On 5 June 2014, the European Court of Justice, Fourth Chamber, issued a preliminary ruling concerning the interpretation of Article 5 of Directive 2001/29/EC on the harmonisation of certain aspects of copyright and related rights in the information society. The ruling is about the requirement to obtain authorisation from the copyright holders for viewing websites where this involves copies of those sites being made on the user’s computer screen and in the Internet cache of the computer’s hard disk.
The preliminary ruling request was made by the Supreme Court of the United Kingdom in the proceedings between the Public Relations Consultants Association Ltd (the PRCA), an association of public relations professionals, and the Newspaper Licensing Agency Ltd (the NLA), a body set up by the publishers of newspapers in the United Kingdom for the purpose of providing collective licensing for newspaper content. The PRCA stated that its members do not require any authorisation from the copyright holders for consulting Meltwater’s website, a company that provides online media monitoring services for press articles published on the Internet. Not only was the NLA against, but the Judges of first and second instance also dissented, holding that a licence or consent from the NLA is necessary in order to use Meltwater’s service. The PRCA then brought an appeal against that decision before the Supreme Court of the United Kingdom, which subsequently made the request for a preliminary ruling before the ECJ.
To be more precise, the ECJ is requested to evaluate if, in case of the mere consultation of websites, the creation of copies on the user’s computer screen and in the Internet cache of the computer’s hard disk can be considered an exception of copyright pursuant to Art. 5 of the abovementioned Directive. The Article set out a series of conditions (that must be interpreted strictly) that, if applicable, allow making copies without the authorisation of the copyright holder, as an exception of the general rule provided by Art. 2 of the same Directive, which recognises that the author has the right to authorise or prohibit any reproduction of his/her works.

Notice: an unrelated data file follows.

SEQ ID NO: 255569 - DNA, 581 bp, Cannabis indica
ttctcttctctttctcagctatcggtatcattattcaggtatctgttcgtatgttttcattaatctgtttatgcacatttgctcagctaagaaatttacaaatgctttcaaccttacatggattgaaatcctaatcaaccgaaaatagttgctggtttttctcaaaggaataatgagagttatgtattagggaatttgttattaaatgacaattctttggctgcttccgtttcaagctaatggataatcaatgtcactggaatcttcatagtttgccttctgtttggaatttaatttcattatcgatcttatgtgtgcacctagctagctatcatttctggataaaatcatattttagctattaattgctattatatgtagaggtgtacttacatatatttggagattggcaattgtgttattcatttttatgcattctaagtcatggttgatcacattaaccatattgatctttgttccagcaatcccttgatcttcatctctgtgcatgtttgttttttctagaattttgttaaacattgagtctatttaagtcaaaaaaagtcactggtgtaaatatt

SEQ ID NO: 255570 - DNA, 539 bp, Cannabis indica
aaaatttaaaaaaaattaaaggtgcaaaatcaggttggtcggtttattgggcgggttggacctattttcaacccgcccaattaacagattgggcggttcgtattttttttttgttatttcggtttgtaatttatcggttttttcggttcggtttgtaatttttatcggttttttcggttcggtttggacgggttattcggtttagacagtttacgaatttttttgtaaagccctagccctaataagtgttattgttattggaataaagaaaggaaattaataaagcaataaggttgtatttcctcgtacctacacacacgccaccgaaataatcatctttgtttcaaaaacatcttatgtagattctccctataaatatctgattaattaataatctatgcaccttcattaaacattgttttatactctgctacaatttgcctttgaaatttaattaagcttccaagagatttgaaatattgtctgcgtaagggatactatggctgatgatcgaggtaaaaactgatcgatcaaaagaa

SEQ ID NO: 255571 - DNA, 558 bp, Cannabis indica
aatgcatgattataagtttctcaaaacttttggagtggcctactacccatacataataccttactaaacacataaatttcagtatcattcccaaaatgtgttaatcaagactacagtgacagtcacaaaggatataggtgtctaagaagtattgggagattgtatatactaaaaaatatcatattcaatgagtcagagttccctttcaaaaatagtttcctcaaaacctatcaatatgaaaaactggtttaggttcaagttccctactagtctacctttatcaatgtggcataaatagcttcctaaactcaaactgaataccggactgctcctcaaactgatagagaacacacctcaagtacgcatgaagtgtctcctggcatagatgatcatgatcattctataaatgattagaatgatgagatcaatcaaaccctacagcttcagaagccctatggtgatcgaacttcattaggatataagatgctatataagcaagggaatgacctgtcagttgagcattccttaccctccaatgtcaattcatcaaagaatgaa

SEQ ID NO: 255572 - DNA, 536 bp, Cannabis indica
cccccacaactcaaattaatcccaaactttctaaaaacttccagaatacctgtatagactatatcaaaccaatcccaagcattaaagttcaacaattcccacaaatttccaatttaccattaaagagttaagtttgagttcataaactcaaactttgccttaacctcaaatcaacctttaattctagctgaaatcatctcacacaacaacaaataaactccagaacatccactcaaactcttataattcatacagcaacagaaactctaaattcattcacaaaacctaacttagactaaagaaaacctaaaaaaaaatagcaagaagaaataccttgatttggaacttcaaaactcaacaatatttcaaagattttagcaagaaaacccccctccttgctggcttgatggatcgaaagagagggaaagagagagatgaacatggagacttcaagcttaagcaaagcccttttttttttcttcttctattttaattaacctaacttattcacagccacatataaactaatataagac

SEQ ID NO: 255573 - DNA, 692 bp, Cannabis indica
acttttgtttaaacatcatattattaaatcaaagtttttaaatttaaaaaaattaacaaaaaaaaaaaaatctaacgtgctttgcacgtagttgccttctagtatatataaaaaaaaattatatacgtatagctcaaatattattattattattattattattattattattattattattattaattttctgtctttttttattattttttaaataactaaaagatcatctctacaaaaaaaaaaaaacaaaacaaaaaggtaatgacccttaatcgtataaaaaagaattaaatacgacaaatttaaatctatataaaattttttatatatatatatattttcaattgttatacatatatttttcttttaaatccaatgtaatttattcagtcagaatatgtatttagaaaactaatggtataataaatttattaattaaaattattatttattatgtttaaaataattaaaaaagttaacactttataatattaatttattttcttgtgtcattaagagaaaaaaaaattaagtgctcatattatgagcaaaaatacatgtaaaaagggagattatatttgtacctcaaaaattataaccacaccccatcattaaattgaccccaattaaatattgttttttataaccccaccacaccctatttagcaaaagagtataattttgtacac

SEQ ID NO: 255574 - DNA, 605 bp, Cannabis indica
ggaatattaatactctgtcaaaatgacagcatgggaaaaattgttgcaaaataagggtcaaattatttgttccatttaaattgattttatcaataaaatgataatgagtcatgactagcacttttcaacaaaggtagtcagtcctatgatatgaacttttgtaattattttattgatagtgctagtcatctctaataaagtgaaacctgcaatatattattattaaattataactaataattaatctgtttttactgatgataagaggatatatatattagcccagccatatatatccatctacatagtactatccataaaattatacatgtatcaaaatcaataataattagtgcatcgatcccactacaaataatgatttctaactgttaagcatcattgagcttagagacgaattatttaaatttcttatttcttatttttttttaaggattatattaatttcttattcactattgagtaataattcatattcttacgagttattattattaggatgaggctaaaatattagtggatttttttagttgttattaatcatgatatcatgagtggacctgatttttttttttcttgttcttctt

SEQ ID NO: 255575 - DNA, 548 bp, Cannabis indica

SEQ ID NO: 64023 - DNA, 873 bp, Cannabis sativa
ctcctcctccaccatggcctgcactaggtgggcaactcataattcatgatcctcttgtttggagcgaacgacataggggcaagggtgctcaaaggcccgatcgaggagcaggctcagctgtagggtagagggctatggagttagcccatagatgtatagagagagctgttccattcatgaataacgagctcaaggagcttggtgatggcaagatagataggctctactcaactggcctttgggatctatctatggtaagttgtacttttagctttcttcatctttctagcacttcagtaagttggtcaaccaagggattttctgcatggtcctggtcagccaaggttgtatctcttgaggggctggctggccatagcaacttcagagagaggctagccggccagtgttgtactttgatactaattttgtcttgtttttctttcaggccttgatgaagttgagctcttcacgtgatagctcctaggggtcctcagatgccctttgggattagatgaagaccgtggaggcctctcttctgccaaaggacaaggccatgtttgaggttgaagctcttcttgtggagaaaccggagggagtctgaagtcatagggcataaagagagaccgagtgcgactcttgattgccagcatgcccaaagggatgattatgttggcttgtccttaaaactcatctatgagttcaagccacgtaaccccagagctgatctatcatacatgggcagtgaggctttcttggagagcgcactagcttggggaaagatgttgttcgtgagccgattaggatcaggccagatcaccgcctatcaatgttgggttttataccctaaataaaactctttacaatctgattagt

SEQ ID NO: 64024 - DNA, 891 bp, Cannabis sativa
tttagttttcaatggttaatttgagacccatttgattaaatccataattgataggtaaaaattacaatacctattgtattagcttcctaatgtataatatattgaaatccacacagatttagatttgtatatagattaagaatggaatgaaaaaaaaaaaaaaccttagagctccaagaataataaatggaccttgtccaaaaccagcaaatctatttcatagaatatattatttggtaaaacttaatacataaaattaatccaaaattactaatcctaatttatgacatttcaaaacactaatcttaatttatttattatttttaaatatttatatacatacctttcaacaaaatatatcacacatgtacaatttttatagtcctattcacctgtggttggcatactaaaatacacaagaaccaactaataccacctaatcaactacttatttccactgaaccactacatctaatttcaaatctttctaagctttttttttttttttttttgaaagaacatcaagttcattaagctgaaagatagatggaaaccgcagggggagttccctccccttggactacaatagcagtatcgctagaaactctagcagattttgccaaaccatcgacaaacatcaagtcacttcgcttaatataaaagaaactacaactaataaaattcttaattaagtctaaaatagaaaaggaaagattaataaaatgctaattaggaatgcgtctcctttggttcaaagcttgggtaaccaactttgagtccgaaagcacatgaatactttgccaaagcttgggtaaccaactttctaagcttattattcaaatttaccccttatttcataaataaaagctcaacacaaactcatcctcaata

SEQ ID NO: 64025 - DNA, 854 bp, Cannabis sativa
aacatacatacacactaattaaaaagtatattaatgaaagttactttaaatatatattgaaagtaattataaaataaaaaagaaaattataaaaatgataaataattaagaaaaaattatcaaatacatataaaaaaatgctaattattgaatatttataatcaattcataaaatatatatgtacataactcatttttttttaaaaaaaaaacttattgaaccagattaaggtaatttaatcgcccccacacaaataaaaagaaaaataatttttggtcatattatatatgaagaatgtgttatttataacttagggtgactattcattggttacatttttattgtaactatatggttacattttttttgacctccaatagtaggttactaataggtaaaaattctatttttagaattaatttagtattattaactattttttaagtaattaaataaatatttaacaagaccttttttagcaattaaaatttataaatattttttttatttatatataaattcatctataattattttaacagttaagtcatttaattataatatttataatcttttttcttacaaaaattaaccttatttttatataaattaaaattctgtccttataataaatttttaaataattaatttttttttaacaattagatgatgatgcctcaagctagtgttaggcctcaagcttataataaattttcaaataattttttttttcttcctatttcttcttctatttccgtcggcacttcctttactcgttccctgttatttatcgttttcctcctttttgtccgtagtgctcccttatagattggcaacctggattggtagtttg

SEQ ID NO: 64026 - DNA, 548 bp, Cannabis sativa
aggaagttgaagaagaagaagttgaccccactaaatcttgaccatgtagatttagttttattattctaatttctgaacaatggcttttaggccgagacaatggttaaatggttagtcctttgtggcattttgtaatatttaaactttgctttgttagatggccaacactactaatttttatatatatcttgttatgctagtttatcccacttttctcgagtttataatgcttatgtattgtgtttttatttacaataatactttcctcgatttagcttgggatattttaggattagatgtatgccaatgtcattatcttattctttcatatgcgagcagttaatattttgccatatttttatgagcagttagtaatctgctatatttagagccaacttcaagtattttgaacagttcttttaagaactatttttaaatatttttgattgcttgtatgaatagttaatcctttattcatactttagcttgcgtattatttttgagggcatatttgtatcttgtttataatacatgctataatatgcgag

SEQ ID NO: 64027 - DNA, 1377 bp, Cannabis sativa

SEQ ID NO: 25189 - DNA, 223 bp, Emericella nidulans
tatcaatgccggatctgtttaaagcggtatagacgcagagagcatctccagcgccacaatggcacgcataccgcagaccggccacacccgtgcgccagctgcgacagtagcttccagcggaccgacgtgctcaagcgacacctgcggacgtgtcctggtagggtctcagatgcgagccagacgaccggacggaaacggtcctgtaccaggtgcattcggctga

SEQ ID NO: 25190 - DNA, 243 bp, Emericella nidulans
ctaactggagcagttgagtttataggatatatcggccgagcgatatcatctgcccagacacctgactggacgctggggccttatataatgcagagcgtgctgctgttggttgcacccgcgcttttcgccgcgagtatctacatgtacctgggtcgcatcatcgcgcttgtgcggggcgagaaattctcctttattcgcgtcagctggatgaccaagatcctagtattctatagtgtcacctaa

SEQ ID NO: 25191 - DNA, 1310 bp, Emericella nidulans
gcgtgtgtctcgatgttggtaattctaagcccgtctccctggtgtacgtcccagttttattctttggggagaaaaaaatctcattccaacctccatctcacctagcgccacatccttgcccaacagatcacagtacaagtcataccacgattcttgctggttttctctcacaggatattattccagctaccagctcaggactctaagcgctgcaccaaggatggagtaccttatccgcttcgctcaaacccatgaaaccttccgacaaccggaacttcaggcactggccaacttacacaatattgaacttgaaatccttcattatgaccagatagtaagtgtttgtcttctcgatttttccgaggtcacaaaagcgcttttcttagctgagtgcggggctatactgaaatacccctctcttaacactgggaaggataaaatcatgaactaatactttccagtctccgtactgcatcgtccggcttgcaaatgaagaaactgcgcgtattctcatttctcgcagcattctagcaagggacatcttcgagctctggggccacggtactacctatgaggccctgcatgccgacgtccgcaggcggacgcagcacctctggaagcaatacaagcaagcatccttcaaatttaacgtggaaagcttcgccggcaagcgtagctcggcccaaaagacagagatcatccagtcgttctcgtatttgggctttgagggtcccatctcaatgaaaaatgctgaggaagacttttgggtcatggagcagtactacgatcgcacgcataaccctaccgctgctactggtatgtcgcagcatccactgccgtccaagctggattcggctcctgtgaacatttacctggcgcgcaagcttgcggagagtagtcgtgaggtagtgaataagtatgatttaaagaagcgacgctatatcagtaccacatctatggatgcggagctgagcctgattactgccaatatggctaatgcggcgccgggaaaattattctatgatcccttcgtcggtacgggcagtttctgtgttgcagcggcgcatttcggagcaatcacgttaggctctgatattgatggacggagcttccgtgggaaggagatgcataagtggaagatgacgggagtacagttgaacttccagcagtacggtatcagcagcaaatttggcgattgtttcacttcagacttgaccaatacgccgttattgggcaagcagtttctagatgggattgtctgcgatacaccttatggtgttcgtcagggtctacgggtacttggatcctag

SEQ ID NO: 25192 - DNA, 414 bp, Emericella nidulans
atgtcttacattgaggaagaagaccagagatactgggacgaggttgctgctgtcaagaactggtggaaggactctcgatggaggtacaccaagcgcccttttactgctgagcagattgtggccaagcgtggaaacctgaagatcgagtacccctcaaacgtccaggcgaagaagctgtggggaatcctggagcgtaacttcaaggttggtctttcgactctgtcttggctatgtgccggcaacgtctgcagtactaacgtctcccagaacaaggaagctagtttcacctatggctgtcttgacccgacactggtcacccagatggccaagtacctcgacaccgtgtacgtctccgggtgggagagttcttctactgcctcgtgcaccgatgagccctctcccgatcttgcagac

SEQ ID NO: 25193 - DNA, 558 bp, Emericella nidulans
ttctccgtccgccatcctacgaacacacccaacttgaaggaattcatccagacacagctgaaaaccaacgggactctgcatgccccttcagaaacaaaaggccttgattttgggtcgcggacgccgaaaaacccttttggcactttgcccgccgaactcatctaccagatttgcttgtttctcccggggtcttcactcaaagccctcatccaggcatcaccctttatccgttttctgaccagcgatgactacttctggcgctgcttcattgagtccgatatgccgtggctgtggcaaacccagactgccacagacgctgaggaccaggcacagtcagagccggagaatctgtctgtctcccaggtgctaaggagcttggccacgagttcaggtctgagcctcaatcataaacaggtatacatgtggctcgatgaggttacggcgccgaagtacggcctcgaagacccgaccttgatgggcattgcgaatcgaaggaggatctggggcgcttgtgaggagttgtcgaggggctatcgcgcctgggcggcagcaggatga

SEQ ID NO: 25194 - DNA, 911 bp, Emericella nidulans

Going into detail, in order to apply this exception, the copies must be temporary, transient or incidental and they have to form an integral and essential part of a technological process. Furthermore, their sole purpose has to be to enable a transmission in a network between third parties; they must also have no independent economic significance. The fifth paragraph of Art. 5 then specifies that “The exceptions and limitations provided for in paragraphs 1, 2, 3 and 4 shall only be applied in certain special cases which do not conflict with a normal exploitation of the work or other subject-matter and do not unreasonably prejudice the legitimate interests of the right holder”.
The Court, basing its considerations on the technical observations taken before by the referring court, closely examines the functions and the process through which the copies on the user’s computer screen and in the Internet cache of the computer’s hard disk are made. The result is that they fully respect each condition provided by Art. 5, from the temporary feature to the lack of prejudice for the legitimate interests of the right holder.
The forgone conclusion of the Court is that Article 5 of Directive 2001/29/EC must be interpreted “as meaning that the copies on the user’s computer screen and the copies in the Internet ‘cache’ of that computer’s hard disk, made by an end-user in the course of viewing a website, satisfy the conditions that those copies must be temporary, that they must be transient or incidental in nature and that they must constitute an integral and essential part of a technological process, as well as the conditions laid down in Article 5(5) of that directive, and that they may therefore be made without the authorisation of the copyright holders”.